Even though I am not sure that everyone will agree with me, I believe that Premiere Clip is more user-friendly than Apple’s iMovie. This especially goes for navigation and dragging things around the screen. This app is definitely very simple to use, but not oversimplified.

The Workflow

When starting a new project, the first step is to import one or (preferably) more files. The app will offer you two choices: Automatic or Freeform project.

When it comes to Automatic projects, Premiere Clip will try to analyze your clip(s) and do most of the work, only allowing you to choose a soundtrack from a selection of royalty-free tracks. You will gain much faster workflow this way, buy you will lose options for customization. This is why I recommend using this editing mode when you need to create a slideshow or quick videos, where it’s not necessary to fine-tune everything.

Adobe Premiere Clip scr2

The good news is that you can easily convert your Automatic project to the Freeform mode by tapping on the filmstrip icon. Now you can trim the head and tail of individual clips, play around with filters, adjust volume levels, as well as split/duplicate clips and apply slow-motion mode. What I would like to highlight is a Smart Volume setting, which does a great job of analyzing and balancing clip audio levels.

Advanced Features

As I’ve said in the introductory paragraph, Premiere Clip is a stripped-down version of Premiere Pro CC. With this said, it is clear that you shouldn’t expect some of the flagship features.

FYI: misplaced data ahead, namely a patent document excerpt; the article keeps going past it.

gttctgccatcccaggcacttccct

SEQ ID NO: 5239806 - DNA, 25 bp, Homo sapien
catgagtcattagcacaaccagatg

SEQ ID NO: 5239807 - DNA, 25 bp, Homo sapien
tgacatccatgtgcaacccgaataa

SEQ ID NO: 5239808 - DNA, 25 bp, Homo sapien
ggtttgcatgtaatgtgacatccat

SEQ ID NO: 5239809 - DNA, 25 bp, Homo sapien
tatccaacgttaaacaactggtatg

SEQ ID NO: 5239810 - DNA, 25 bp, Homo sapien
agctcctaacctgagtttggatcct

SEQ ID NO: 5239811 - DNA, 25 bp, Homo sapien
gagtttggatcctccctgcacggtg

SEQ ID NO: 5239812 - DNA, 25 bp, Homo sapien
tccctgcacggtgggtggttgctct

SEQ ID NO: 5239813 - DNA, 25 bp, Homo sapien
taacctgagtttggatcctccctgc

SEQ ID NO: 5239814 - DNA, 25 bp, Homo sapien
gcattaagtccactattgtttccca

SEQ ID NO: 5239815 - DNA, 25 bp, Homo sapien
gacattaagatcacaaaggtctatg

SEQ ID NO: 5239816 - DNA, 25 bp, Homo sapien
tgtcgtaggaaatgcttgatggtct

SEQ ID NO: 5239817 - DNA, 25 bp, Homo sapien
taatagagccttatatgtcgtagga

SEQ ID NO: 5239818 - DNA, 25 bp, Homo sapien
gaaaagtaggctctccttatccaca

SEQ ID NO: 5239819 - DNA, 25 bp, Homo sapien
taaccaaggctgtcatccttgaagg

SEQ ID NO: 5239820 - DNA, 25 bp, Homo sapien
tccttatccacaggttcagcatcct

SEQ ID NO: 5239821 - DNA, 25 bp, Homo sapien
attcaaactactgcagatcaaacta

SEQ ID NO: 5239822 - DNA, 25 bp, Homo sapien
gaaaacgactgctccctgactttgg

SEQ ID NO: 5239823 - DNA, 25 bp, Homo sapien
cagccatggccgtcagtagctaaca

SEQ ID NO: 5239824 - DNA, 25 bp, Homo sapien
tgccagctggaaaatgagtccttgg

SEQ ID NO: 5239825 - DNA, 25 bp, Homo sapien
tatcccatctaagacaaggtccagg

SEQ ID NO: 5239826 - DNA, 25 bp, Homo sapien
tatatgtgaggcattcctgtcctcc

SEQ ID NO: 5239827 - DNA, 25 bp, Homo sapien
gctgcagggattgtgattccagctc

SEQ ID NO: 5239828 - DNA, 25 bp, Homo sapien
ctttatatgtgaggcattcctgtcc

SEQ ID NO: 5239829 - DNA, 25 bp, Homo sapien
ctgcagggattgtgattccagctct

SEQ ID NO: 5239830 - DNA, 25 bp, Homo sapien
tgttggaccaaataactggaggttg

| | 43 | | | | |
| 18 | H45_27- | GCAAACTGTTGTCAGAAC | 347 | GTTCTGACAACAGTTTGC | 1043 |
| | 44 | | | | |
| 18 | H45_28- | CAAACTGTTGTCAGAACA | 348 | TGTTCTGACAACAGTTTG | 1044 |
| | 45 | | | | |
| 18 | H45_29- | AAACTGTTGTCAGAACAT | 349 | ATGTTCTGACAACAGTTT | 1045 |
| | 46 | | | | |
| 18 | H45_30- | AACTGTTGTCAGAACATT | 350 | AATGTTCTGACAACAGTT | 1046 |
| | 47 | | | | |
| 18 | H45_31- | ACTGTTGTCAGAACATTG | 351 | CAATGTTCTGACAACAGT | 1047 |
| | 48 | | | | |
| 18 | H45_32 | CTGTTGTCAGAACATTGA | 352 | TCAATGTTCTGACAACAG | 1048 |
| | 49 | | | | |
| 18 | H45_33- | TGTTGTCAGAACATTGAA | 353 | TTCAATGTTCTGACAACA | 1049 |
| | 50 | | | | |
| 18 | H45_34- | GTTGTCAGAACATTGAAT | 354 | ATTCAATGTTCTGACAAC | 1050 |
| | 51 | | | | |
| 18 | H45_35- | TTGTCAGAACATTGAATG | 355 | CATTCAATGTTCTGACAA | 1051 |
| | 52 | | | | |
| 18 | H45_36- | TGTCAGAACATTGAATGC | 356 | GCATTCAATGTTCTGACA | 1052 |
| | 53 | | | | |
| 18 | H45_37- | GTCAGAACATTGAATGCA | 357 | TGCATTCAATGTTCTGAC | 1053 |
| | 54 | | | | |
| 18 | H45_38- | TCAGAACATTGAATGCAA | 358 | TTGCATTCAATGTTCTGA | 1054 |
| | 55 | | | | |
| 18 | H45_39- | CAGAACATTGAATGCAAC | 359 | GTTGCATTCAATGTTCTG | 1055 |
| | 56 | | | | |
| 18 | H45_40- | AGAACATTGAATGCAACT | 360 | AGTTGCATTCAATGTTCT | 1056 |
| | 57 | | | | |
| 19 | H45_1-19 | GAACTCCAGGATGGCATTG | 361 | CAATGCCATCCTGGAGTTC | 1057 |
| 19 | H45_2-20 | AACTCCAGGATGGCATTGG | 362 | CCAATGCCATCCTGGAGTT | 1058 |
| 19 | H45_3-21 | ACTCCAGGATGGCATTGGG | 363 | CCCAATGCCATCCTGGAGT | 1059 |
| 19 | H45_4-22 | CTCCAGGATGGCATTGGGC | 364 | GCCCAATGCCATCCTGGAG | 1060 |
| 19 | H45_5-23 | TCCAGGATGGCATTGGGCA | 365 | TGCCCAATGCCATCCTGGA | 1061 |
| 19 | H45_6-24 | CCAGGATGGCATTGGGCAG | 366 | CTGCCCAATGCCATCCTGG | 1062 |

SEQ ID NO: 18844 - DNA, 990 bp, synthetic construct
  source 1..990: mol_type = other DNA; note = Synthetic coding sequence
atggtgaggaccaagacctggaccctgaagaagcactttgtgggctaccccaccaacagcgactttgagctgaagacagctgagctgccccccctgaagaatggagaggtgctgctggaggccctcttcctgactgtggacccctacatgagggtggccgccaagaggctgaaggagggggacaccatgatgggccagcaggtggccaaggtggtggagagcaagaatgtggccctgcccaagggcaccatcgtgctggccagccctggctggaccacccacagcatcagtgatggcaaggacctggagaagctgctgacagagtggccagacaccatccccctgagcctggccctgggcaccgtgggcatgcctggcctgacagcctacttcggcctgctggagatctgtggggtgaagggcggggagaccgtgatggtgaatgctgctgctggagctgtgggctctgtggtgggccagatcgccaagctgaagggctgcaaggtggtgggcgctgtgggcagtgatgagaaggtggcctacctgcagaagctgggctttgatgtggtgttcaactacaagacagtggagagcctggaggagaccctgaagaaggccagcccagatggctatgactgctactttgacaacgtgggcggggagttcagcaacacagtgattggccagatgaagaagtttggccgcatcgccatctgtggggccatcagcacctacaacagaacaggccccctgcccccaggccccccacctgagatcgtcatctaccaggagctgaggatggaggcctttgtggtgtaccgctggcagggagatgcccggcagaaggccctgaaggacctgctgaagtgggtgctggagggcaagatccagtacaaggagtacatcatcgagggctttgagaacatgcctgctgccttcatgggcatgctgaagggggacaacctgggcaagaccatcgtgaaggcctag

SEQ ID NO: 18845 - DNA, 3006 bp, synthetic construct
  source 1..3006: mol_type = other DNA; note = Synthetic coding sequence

However, what is problematic is that Adobe didn’t try to compete directly with iMovie. For example, there is no way to detach audio of accompanying a video or adjust either one – which is something that iMovie is capable of. You also can’t create titles and position them over the video, but you can do that by choosing a background color.

Adobe Premiere Clip scr3

Still, there are some very interesting advanced features, but I think that users of Premiere Pro will appreciate them the most. For example, you can easily send a video to your Creative Cloud storage space, which means that videos can be exported to Premiere Pro with edits, music markers, and video effects intact. The app pushes XML data and content to the creative cloud, which can be opened as a Pro CC file. This is something you can’t do with iMovie, at least now without using iTunes File Transfer protocol.

The Creative Cloud is also capable of syncing videos between your iOS devices and computers. Everything is done in the background, with minimal input.


Even though it is clear that Adobe Premiere Clip is quite capable and very usable, it somehow seems like Adobe targeted this app at existing Premiere Pro users. I am sure these individuals and companies will gladly abandon any other iOS video editor.

In comparison to iMovie, it is easy to see that Adobe’s video editor is underpowered. In case you don’t need synchronization between devices, then iMovie is the better choice for mobile editing. It is more capable, it performs better, and brings high-quality detail editing.